These are problems that don't have easy solutions and may not even be solved in our lifetimes. Sure, many people may want things to change. But will they commit to being part of that? Or will it be just like a resolution made at the start of a new year, one that is broken within a month or two?
When we have a green light to start living life again, to enter a new Normal, what will we hold onto from this time? Will we really stay unbusy? Will we care more about work flexibility, employee protections, access to medical coverage? Will anti-racism efforts, once at the forefront of the zeitgeist, be prioritized or forgotten? Will mass shootings become the exception rather than a painful rule?
Will there be any systemic change?
Not likely, "Pandemic" author Sonia Shah said on a recent episode of John Oliver's "Last Week Tonight."
"We usually go right back to business as usual as soon as the thing ends, as soon as we have a drug, as soon as we have a vaccine," she said. "We don't really do the fundamental social change."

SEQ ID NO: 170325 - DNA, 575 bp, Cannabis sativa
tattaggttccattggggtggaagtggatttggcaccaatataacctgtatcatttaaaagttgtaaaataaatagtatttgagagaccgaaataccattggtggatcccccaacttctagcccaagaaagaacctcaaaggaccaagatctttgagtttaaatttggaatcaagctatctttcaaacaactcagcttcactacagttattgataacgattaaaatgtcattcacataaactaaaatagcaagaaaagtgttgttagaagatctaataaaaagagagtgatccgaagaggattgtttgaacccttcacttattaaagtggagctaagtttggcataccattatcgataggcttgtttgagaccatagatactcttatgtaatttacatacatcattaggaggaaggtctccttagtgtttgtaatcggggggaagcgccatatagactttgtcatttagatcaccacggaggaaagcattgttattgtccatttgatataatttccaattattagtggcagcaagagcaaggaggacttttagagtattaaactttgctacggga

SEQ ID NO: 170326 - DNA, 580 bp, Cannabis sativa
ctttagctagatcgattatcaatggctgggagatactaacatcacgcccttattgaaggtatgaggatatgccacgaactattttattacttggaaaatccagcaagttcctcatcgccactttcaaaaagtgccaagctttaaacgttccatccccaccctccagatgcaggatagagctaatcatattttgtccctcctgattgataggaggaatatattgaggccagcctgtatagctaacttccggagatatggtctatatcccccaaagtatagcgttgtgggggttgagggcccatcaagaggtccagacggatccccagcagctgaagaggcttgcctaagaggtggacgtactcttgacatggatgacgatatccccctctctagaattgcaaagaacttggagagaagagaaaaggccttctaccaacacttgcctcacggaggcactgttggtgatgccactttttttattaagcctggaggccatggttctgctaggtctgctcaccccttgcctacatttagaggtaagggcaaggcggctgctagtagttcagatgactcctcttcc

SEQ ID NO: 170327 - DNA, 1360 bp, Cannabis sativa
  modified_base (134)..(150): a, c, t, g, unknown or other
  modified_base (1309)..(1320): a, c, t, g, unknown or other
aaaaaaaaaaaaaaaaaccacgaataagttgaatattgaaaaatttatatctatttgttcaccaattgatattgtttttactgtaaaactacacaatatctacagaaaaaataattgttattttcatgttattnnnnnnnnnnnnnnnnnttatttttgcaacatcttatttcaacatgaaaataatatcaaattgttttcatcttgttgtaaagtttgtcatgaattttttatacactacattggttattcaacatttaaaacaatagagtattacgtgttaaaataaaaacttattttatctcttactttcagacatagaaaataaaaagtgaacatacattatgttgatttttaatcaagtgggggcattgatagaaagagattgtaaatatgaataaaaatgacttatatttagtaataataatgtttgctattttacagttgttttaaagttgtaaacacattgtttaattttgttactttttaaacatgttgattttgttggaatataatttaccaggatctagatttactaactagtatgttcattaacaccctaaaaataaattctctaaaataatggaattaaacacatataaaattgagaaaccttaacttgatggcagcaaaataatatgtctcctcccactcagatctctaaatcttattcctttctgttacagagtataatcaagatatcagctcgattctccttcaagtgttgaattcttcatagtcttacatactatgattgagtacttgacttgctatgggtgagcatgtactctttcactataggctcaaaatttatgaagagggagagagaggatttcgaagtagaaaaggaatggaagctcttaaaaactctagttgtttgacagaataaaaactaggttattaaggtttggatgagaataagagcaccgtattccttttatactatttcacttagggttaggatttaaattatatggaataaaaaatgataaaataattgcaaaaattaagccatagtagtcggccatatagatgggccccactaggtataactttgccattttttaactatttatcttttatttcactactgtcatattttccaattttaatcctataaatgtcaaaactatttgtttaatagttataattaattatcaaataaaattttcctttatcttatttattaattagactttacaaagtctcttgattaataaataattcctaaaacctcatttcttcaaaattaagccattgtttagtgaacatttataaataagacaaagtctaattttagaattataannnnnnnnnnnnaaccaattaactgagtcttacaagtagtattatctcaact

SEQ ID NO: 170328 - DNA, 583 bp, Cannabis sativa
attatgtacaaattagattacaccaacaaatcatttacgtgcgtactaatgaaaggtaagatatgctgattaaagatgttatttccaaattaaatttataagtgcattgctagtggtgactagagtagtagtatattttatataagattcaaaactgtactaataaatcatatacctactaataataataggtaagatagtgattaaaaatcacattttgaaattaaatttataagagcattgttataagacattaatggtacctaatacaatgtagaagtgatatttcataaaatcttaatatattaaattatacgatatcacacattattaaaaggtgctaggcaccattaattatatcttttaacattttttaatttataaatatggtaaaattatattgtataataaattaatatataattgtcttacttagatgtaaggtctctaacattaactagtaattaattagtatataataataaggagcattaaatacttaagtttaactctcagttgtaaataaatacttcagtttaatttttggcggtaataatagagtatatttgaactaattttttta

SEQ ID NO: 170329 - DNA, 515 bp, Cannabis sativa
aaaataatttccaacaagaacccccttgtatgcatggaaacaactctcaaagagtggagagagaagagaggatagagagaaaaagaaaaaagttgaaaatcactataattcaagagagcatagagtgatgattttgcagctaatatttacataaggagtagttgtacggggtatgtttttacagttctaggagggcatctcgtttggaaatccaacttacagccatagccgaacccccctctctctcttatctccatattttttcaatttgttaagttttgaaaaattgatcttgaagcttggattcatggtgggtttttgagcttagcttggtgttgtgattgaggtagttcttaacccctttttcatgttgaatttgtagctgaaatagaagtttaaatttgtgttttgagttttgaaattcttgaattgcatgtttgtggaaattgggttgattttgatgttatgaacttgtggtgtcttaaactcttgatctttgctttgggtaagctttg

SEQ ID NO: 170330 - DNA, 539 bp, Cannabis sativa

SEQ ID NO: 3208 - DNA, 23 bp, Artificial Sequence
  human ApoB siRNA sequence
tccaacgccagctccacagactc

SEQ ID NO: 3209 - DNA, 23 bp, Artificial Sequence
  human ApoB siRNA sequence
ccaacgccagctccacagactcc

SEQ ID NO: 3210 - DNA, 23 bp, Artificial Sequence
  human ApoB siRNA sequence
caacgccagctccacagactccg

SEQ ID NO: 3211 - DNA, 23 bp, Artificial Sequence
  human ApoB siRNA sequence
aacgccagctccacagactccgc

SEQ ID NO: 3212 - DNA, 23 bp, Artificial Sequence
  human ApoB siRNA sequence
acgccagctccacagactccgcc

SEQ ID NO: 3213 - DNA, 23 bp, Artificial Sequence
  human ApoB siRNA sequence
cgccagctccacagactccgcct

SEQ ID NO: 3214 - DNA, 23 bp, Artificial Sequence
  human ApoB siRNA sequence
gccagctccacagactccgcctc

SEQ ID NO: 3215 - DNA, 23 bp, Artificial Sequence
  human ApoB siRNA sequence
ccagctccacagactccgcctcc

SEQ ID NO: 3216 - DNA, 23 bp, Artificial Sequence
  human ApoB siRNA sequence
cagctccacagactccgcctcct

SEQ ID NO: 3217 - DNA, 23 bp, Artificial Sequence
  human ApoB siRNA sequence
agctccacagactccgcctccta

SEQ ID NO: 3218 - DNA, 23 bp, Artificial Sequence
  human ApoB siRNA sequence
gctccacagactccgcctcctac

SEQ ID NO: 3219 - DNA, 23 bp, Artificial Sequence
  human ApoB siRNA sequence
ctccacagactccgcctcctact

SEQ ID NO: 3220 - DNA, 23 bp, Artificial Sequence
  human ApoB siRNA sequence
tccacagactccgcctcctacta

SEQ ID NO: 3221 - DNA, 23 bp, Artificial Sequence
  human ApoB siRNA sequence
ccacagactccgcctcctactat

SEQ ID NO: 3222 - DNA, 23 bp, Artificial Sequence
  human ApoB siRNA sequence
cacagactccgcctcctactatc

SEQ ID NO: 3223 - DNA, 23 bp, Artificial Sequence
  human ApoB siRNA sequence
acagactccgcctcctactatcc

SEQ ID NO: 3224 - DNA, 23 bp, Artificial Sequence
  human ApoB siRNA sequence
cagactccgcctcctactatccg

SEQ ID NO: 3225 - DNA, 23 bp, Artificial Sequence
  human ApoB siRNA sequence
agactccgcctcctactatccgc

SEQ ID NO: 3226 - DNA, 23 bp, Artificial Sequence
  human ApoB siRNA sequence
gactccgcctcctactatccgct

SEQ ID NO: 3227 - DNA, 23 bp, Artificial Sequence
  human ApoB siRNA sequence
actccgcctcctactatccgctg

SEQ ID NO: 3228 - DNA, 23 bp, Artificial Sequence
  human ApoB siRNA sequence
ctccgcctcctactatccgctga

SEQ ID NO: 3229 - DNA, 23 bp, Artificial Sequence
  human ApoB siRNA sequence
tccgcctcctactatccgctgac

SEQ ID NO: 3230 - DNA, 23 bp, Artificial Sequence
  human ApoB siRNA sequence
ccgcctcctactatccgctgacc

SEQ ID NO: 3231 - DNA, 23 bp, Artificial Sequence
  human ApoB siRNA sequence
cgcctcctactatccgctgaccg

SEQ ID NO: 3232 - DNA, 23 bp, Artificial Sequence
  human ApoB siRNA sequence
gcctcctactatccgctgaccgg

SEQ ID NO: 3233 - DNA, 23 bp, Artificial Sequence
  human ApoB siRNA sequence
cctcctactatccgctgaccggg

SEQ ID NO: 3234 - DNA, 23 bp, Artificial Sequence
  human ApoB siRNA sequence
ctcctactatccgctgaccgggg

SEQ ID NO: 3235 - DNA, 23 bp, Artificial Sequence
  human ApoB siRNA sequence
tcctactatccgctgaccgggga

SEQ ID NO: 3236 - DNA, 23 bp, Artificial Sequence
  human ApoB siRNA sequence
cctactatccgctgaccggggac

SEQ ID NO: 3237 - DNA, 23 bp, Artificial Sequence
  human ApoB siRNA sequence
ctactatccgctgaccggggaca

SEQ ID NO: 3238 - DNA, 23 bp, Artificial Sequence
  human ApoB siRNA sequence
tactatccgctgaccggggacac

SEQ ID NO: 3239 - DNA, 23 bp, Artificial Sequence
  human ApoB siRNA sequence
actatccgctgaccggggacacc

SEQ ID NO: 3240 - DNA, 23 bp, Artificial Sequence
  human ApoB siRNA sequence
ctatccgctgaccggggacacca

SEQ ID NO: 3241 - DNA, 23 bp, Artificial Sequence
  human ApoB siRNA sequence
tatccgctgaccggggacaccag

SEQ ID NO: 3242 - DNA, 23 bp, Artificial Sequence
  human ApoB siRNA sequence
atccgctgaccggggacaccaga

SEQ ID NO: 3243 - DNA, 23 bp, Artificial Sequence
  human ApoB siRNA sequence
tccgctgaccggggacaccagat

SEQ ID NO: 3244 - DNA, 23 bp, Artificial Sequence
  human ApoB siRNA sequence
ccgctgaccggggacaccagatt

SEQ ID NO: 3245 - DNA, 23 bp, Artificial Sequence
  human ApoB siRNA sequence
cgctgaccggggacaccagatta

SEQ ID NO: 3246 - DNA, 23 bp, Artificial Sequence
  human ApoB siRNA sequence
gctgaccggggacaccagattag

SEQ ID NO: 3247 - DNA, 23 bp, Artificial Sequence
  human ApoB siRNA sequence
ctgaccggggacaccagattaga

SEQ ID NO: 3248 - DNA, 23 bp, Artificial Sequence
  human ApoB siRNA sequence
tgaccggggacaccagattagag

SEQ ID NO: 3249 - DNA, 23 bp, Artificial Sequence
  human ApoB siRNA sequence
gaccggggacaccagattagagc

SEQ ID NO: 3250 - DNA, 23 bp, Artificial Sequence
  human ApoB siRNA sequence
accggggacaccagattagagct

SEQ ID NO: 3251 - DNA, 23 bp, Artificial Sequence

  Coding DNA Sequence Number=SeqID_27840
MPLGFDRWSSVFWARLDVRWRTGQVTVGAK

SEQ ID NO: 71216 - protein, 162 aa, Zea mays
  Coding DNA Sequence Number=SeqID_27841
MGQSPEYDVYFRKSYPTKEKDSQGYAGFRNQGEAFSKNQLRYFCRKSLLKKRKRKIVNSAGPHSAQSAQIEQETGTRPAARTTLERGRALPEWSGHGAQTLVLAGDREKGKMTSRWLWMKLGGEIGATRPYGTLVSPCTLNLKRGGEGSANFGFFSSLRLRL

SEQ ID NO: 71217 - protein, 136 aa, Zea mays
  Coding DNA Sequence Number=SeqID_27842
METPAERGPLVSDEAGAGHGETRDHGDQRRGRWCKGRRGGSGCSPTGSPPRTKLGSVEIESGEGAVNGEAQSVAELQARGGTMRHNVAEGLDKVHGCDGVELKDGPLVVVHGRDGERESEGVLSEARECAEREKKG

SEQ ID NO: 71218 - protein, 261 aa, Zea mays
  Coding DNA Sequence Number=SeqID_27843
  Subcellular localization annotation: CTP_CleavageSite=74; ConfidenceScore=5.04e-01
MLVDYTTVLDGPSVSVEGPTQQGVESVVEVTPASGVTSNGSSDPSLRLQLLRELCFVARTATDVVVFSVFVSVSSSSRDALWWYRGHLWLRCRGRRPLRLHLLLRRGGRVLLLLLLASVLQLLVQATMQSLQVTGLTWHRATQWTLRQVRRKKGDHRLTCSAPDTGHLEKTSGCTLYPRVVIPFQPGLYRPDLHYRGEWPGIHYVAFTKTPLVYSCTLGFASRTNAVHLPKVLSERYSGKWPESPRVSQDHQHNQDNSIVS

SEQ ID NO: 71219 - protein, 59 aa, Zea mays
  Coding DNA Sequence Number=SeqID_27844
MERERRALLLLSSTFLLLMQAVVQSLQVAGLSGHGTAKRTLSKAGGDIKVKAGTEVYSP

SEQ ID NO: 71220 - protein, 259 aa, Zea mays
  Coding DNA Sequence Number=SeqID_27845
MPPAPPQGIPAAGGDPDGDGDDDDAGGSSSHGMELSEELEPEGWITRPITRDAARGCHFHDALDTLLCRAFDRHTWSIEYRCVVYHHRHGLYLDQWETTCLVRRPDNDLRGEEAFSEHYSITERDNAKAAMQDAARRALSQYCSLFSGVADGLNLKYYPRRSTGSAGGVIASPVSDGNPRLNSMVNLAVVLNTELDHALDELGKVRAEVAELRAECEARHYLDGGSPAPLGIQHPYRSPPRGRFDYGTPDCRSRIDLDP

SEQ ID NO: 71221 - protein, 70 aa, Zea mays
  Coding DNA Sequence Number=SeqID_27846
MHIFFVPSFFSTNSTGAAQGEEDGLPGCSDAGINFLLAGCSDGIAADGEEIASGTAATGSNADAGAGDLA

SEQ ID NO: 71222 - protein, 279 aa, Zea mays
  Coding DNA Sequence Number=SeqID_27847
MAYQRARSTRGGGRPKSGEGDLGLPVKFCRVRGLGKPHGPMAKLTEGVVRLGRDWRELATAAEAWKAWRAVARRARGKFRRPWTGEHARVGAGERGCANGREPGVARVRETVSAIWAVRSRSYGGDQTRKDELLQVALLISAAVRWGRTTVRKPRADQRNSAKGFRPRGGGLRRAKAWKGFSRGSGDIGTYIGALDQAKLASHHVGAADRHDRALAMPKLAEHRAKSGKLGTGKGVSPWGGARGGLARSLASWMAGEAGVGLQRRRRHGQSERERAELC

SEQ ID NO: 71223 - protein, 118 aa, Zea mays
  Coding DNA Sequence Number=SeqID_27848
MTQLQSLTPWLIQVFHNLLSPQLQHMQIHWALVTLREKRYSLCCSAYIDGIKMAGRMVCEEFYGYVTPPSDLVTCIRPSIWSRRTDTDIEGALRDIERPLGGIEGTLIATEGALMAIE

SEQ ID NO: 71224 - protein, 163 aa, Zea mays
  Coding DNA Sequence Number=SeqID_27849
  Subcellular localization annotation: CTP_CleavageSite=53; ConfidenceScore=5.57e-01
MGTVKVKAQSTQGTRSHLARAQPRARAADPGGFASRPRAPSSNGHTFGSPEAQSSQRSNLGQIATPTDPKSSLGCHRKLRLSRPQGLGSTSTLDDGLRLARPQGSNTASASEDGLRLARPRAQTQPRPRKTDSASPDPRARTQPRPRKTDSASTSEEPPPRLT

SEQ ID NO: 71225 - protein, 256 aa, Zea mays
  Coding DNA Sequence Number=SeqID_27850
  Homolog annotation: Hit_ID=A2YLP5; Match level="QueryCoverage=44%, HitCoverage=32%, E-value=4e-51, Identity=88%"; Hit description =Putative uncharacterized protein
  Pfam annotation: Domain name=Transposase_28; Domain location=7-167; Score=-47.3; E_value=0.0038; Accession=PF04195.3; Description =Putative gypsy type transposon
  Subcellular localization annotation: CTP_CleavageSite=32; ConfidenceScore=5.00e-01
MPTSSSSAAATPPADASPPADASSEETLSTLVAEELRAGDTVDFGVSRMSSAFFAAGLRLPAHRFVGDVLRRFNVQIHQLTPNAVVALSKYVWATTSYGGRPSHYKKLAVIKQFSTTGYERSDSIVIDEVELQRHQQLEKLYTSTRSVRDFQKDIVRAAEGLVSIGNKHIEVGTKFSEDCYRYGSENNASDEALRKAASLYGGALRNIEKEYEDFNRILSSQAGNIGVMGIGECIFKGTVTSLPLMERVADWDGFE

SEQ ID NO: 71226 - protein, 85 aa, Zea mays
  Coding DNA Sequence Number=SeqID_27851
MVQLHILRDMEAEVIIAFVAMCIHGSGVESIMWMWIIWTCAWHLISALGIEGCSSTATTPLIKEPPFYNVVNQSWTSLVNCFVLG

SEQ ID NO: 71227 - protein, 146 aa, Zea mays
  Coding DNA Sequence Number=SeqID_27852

We've already experienced that. When life changed, there was a period of adjustment. It took a while to get used to it. Then we did. That's happening again right now in the United States as more people are vaccinated and infection rates decrease. Already, the pulls of Normal are tugging.
For all the growth and change and adaptation that has happened in the past year, it is hard to even define what a post-pandemic normalcy might mean. The dictionary defines it simply as conforming to a standard — usual, typical, or expected. Is that really what we want? "If you are always trying to be normal, you will never know how amazing you can be," Maya Angelou once said.
Without Normal, the path forward is more open, the opportunities perhaps broader. What if there's a whole lot of amazing that stands to be lost if Normal returns? What if, instead of banking on normalcy, we focused on that one-of-a-kind ability to adapt and evolve? Maybe that's the way forward, instead of simply reconciling with what was and trying to recreate something that's already had its day.
It's too late, anyway. Remember, Normal: You and me, we already broke up.
Sophia Rosenbaum is an editor at The Associated Press, based in New York. Follow her on Twitter at https://twitter.com/sophrosenba.